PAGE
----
After Moler presented the consent decree, the commission went into a closed-door session for about 10 minutes.

When members returned to open session, Commissioner Mark Simpson made a motion to fine Perkins the maximum $5,000, but that failed on a 4-5 vote. A motion was then made for a $4,000 fine and that was approved.

Commissioner John Solbach said he believed the maximum was too much but that a $4,000 fine “indicates this is a serious manner.”

The controversy surrounding the exercise equipment was one of several that plagued Perkins last year.

The school was rocked by a scam uncovered by authorities that football and basketball tickets were allegedly sold by staff members who pocketed the money. An audit said the school could have lost upwards of $3 million. Six former athletics department employees and a former department consultant have been charged. Four of the former employees have pleaded guilty in connection with the scheme. And two other defendants are slated for plea hearings this week.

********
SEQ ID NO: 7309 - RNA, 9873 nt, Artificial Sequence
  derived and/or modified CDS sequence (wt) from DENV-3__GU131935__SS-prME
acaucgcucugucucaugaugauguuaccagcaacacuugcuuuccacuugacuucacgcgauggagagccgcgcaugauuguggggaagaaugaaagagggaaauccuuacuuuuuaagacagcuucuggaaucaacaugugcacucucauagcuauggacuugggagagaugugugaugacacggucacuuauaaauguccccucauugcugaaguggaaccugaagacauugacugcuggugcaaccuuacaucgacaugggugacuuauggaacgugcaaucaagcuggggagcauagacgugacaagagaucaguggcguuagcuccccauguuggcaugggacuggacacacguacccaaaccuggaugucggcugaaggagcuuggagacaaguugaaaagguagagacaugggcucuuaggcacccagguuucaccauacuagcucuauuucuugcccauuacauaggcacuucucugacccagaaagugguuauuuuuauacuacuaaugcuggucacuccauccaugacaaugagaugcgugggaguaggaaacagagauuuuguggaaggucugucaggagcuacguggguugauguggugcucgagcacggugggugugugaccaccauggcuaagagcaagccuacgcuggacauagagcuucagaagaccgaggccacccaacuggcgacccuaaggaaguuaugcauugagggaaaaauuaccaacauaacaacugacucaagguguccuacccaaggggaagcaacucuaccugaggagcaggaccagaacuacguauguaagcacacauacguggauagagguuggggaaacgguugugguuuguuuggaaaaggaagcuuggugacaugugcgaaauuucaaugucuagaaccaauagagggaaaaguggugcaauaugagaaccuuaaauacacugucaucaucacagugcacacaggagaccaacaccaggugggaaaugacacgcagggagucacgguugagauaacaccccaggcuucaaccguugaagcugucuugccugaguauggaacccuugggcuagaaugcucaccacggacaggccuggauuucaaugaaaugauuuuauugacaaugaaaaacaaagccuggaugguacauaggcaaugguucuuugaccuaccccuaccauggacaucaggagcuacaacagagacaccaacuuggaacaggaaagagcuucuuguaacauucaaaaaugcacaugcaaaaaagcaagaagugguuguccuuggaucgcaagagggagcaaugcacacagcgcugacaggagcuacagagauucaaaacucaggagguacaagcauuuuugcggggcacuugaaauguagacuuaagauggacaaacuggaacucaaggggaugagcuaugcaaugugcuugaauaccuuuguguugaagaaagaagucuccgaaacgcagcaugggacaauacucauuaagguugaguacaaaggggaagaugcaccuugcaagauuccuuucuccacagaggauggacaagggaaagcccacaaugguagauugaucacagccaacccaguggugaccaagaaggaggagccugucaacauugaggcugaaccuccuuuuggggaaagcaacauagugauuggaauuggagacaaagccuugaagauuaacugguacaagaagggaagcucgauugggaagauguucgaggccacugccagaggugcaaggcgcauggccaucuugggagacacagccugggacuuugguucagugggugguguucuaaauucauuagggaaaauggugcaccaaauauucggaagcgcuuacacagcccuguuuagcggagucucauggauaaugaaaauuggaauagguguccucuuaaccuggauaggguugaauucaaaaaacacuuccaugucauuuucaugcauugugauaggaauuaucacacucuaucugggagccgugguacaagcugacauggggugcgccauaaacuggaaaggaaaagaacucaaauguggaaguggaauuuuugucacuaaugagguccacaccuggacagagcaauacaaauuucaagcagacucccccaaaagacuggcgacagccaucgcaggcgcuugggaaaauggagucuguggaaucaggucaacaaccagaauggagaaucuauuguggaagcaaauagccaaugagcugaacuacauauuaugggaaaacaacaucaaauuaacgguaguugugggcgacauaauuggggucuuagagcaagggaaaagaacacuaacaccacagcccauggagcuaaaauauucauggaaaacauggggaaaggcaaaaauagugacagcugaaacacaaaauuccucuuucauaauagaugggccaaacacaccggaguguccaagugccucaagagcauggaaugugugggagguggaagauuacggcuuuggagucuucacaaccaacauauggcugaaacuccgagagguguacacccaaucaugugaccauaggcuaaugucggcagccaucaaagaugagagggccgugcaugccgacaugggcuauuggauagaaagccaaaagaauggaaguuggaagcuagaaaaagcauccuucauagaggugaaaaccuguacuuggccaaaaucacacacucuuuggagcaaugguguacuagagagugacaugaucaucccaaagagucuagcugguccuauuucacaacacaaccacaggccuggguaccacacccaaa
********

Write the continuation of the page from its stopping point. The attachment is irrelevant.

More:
Perkins was not implicated but he admitted to having been guilty of poor oversight.

Shortly after that hit the news, Perkins was accused by former staff member William Dent of accepting use of the exercise equipment in his home in exchange for giving the company’s owners access to premium men’s basketball tickets. Perkins and the company’s co-owner denied the allegation.

Prior to the accusation, Perkins had filed a report with Lawrence police saying he was being blackmailed by Dent over the equipment.

Perkins later said he wrote a check for $5,000 for use of the equipment. In June, an internal review by KU found “no evidence” to substantiate Dent’s claims.

Perkins had announced he would retire in September 2011, but on Sept. 7, 2010, he announced he was stepping down immediately.

Comments

MacHeath 3 years, 2 months ago